View Full Version : What is Kobudo?
9th March 2003, 06:14 AM
What is Kobudo?
9th March 2003, 07:36 AM
Kobudo means old or ancient budo. It refers to a marital art that has not taken on the competitive, sports aspects common today in kendo for example, but has preserved its ancient training methods and philosophy as it gets passed down the generations.
9th March 2003, 01:11 PM
That's not the common usage. Kobudo usually refers to weapons practice in Okinawan karate. Sai, kami, bo, tonfa, nunchaku - these are kobudo weapons.
9th March 2003, 04:40 PM
I'll take your word for it Neil. I always assumed it had a similar meaning to koryu, which if I understand correctly is more or less what kendomushi is describing.
9th March 2003, 05:26 PM
Okay, thanks to you.
9th March 2003, 10:04 PM
Both terms have the same meaning according to the ZNKR which is as I describe. _That doesn't mean the use as Neil describes it is not also correct.
10th March 2003, 02:30 AM
Just Google for kobudo, you'll get a bunch of sites referring to Okinawan weapons training. When karate guys say "kobudo", this is what they mean. I haven't heard the other usage of the term which is not to say that it is not also correct.
10th March 2003, 06:23 AM
Raigma: Check out www.koryu.com for an insight into some of the old school fighting traditions. Meik and Di Skoss have done a fantastic lot of work documenting these traditions for a non-Japanese audience. Di's three books are indispensible for anyone interested in where kendo came from.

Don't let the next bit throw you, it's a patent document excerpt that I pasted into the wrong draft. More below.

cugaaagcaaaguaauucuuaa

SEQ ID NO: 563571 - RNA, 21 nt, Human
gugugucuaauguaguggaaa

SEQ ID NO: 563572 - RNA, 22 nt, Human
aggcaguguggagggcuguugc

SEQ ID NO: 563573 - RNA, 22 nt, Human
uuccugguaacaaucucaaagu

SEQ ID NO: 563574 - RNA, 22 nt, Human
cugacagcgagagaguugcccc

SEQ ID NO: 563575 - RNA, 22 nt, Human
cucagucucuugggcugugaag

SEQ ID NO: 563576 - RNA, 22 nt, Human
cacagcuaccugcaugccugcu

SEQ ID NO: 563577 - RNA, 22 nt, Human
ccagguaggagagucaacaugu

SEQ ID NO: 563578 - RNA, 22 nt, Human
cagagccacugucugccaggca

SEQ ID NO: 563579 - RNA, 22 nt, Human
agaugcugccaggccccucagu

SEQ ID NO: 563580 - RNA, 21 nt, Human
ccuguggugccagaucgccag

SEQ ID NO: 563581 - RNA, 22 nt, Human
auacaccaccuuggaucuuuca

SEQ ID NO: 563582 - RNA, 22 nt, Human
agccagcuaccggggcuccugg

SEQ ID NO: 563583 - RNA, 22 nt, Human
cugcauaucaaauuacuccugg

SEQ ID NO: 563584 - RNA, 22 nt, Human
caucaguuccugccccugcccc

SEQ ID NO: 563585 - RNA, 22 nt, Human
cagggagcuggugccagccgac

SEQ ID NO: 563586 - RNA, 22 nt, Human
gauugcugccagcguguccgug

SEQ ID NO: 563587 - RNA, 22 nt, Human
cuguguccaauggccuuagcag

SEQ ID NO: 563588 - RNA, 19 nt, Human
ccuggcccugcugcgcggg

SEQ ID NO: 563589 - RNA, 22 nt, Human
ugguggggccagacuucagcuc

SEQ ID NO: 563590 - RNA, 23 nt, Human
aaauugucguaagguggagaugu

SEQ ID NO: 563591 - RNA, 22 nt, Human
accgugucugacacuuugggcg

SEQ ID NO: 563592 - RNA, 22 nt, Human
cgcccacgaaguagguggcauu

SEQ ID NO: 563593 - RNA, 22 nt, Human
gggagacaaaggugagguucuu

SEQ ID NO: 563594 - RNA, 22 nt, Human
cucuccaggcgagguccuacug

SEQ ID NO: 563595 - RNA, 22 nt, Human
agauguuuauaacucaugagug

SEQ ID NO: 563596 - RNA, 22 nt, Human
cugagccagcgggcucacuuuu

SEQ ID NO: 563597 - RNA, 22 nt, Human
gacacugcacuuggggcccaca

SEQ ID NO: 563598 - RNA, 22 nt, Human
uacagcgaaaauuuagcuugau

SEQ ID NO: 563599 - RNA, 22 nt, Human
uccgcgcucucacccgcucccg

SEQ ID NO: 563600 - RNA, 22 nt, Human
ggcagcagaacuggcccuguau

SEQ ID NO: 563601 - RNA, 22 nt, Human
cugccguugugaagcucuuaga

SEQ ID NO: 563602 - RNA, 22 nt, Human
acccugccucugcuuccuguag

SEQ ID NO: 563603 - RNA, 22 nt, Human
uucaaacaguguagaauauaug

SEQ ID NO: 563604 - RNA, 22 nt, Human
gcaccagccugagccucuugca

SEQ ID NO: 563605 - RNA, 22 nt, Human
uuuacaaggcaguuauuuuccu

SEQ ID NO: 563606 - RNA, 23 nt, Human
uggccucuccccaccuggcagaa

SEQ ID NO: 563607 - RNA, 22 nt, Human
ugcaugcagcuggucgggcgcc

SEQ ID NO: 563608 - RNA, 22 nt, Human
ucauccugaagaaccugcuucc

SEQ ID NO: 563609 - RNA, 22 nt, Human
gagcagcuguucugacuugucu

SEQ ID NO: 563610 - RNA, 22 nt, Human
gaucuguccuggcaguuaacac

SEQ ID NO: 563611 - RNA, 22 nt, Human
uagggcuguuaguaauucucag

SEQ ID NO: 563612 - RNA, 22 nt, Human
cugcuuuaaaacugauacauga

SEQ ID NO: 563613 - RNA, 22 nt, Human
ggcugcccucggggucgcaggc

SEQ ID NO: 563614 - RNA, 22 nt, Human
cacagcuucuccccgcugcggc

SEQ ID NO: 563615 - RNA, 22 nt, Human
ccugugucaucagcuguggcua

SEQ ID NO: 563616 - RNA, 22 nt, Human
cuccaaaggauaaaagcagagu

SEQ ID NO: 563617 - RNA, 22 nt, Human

Ironically, while the Skoss' insist on the term "koryu bujutsu" (old school fighting art/s), the national representative bodies in Japan are called (IIRR) the Nihon Kobudo Kyokai and the Nihon Kobudo Shinkokai.
10th March 2003, 11:35 AM
It could be different use of the same term or a homonym. There are countless words in japanese that sound exactly the same but have slightly or completely different meanings. Often it depends on either the context or more often the characters used to write it. In the Japanese-English Dictionary of Kendo, they use the characters "ko" (ancient or old) and "budo" (martial discipline).
10th March 2003, 08:03 PM
Okinawan weapons arts? That's news to me
I though Kobudo referred to old/classical martial arts in Japan? At least thats why the Nihon Kobudo Shikokai and body I demonstrate for, the Nihon Kobudo Kyokai use this word.
Of course Okinawan arts fall in that category but its not because they use weapons. Its because they are old.
10th March 2003, 08:10 PM
That's what I thought as well.
By the way, the demonstration of koryu kenjutsu shown in the first day of the 50th All Japan was Ittoryu?
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